It will cost sixty cows to wed Filagot. She is a worthy bride.
I am good at counting. I once had forty cows, and Gabra (who is not good at counting) had eighty. Now we both have sixty cows and we both want to wed Filagot and Gabra's father has accused me of theft. It is time to fight.
“Tamrat," the rainmaker said. "Tamrat, you have been foolish. Tamrat, you will lose this fight. You will do this, or I will send you away."
But I will not lose this fight. I am tired of Gabra and his boasting. I am tired of Gabra and his stupidity and his wealth. I will fight Gabra as I want to, as I will, as I am able. And I will win.
Filagot will be my bride.
Gabra practices in the open, allowing all to see him. He shows Filagot the force of his blows against the ground, and she delights in the sound his sticks make. She smiles at the clods of dirt that fly in his face. She runs to him when he stands victorious over his partners. Gabra bears many scars which he says are from battle, which I know are not. They are too precise, too convenient, too perfect.
Scars won from battle are not perfect; they are not like the raindrops Filagot wears on her arm. Scars won from battle are haphazard, accidental, inconvenient. Gabra’s scars are like my father’s scars.
I study Gabra as he practices. I study how he flinches before he parries. I study how he scuffles instead of dances. I study when in the fight he exposes his belly so easily. This is how I will beat him. This is how I will win my bride.
I will show Filagot that I, too, am fierce.
The fight is crowded. I count fifty people surrounding us. I see Filagot and her raindrop scars. I see my father. I see the rainmaker. I see Gabra--his arms and chest painted white, his belly dark and brown and rounded, calling out to me like a drum. I practiced in the darkness, when I was sure Gabra could not see me. When I was sure he could not see the grace of my steps or hear the sound of my stick striking the naked air. The crowd loves the confidence of Gabra: his paint, his scars, his posture.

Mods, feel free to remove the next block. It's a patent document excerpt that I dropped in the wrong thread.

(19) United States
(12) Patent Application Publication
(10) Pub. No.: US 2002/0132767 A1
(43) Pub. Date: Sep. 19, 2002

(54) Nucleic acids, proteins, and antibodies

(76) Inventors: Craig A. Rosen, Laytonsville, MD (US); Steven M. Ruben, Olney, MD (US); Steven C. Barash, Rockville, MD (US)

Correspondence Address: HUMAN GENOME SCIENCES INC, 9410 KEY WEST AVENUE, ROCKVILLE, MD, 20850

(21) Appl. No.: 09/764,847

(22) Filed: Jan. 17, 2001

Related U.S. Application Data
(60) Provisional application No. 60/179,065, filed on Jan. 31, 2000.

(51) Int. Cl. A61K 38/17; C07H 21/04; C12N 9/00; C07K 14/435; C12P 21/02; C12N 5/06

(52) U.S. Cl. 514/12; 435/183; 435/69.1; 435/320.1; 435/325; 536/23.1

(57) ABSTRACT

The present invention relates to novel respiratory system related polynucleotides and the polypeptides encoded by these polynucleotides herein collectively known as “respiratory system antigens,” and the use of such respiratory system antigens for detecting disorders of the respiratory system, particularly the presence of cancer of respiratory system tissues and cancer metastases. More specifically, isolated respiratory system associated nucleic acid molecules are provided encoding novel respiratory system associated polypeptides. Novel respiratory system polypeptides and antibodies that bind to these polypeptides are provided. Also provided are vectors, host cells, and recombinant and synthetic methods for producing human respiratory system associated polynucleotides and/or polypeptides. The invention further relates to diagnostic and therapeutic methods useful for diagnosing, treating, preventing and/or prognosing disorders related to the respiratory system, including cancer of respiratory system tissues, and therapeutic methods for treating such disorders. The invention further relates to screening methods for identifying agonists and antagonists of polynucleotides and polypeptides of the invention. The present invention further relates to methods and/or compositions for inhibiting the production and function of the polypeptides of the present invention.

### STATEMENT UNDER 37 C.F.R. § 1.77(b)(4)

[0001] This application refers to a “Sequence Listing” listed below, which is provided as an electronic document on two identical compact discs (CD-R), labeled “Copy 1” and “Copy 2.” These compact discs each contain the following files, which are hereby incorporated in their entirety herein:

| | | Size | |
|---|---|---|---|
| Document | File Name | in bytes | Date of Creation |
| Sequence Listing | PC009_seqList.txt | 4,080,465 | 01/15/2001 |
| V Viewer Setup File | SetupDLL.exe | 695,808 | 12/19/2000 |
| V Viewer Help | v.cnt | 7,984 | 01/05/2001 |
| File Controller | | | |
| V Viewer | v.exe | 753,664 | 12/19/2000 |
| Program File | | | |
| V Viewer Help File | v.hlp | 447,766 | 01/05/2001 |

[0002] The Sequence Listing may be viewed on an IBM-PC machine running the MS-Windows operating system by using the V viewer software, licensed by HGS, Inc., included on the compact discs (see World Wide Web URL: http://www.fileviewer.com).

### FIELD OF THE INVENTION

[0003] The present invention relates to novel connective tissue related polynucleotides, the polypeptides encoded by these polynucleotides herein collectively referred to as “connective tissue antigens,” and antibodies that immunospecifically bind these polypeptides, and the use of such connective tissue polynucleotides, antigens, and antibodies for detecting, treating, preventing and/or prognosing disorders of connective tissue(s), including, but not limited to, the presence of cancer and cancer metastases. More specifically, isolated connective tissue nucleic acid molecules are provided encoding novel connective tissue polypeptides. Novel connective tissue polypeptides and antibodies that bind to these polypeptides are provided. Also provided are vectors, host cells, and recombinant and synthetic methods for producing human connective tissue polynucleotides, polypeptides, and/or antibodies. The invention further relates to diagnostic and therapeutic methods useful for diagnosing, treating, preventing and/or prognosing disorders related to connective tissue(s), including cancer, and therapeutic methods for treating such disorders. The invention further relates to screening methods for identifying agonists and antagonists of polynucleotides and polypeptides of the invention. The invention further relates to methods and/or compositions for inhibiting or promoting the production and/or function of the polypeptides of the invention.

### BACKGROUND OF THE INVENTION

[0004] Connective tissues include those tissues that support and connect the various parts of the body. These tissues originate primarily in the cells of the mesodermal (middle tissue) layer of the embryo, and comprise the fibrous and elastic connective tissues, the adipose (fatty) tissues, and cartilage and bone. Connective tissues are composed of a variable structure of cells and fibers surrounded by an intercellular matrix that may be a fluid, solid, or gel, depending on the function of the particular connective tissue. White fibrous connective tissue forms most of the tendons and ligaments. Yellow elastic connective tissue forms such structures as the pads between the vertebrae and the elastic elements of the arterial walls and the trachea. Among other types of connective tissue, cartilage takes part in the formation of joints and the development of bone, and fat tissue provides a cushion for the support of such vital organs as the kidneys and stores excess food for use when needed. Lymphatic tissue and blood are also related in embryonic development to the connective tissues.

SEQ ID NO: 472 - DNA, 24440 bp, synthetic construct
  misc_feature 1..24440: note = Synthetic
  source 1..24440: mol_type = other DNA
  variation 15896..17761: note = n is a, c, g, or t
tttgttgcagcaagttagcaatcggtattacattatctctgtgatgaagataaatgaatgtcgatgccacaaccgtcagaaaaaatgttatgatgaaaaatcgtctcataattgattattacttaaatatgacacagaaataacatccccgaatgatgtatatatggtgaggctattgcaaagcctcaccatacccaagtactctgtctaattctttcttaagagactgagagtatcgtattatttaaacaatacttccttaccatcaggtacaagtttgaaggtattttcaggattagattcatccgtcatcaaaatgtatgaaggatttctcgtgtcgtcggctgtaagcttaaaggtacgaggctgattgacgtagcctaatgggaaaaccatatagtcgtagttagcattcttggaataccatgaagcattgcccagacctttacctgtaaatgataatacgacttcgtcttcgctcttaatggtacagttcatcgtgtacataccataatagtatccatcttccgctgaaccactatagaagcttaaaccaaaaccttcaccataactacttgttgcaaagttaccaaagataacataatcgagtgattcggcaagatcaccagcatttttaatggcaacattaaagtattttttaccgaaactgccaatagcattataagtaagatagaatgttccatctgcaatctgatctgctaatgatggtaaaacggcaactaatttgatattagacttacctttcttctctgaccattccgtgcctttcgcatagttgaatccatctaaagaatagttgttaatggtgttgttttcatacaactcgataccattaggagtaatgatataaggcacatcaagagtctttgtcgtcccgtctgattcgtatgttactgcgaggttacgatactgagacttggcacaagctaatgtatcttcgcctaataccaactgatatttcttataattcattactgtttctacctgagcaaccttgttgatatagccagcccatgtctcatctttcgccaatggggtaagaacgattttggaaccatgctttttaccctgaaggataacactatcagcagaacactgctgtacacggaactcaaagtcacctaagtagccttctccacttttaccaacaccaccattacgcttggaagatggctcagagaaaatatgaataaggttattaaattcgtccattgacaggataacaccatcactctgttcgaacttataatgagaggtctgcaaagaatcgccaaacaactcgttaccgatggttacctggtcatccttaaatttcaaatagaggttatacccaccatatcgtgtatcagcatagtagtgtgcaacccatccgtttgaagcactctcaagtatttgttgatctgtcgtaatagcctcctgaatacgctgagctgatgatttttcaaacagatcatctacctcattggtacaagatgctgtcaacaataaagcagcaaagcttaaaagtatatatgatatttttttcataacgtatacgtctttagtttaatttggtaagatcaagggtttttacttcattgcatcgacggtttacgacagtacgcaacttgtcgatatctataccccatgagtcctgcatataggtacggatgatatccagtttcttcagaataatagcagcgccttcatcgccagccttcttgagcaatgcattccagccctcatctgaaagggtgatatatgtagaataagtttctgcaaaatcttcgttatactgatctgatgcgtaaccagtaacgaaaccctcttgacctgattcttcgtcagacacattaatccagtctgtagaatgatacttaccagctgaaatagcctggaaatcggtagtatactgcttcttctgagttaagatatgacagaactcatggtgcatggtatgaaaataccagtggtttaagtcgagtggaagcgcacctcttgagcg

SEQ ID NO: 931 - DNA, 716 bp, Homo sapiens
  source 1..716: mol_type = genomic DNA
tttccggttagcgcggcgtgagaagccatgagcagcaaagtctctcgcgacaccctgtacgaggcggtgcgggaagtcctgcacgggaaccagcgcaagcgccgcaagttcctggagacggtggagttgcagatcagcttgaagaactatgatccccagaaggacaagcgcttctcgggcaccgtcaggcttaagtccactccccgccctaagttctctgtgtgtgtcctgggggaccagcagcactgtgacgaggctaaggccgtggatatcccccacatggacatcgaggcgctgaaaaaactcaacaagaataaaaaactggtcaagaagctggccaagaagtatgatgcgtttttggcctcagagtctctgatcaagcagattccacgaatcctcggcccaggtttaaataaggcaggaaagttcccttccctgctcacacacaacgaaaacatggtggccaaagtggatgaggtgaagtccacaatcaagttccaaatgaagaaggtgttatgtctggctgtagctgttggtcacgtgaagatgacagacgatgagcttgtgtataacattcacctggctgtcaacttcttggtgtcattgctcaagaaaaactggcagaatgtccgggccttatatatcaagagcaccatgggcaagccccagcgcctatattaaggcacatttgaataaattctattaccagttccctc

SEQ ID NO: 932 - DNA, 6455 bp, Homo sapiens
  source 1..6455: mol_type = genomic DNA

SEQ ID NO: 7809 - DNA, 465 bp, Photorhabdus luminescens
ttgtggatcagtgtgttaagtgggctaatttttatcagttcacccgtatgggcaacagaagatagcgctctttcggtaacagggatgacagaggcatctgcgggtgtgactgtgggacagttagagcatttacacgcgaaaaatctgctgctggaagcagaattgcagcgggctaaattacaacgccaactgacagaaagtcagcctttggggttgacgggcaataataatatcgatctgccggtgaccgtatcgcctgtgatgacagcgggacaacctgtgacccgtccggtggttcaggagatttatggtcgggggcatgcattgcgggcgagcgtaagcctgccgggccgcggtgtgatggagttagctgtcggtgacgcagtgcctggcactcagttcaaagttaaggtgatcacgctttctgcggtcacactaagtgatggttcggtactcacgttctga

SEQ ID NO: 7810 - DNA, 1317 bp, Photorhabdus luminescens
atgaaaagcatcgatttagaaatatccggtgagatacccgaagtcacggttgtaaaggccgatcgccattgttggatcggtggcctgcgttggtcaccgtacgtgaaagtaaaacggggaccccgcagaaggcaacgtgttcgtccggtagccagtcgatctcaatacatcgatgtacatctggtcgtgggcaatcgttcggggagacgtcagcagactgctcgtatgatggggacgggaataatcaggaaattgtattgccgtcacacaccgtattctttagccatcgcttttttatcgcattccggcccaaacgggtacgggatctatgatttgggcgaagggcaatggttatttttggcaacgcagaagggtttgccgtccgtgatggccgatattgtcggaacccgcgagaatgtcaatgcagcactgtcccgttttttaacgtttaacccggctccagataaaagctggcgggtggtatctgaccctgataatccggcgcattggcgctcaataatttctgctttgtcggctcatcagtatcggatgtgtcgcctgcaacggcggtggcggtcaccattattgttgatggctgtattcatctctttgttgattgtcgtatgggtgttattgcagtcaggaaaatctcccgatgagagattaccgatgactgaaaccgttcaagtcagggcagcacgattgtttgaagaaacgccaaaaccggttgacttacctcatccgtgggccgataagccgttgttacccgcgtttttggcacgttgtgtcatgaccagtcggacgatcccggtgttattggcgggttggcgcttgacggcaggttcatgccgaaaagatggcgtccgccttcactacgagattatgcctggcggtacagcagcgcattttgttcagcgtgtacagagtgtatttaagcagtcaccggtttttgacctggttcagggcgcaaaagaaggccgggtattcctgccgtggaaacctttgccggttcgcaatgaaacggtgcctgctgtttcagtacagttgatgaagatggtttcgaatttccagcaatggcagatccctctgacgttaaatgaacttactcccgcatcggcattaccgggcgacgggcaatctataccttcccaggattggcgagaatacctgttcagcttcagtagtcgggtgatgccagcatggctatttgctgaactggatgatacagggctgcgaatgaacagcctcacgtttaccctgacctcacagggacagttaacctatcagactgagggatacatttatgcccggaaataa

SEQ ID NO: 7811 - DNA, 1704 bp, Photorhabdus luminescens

But they cannot anticipate what is to come.
The fight starts. Gabra feints left and I bring my stick down right. It screams through the air like a hawk: swift, precise, sudden. I am proud of this. I am proud of my foresight and my intelligence. I watch my stick as it comes down. I watch it echo through the air, leaving traces of itself behind. I watch it as it moves like liquid, striking nothing.
I stand facing away from Gabra. My song is fierce. My beat fiercer. The crowd crows with excitement, with me, at me, for me. All this is mine. It is not Gabra's. It is mine. It will be Filagot's; I will give it to her, I have shown it to her. It will be ours.
Gabra's gunshot sounds faraway at first. But the pain makes it mine.
My body kisses the ground, first my blood, then the rest of me.
Filagot rushes to me, is crying over me, is touching my face. Her concern is mine. I cherish this. I cherish this as Gabra is grabbed by his painted arms and forced down. I cherish this as Gabra is crying out. His screams fade into Filagot’s smile. I do not hear them. Her smile is all I want. It is all I will ever want.
(Read Part Two here)
© Jordan Kurella, 2017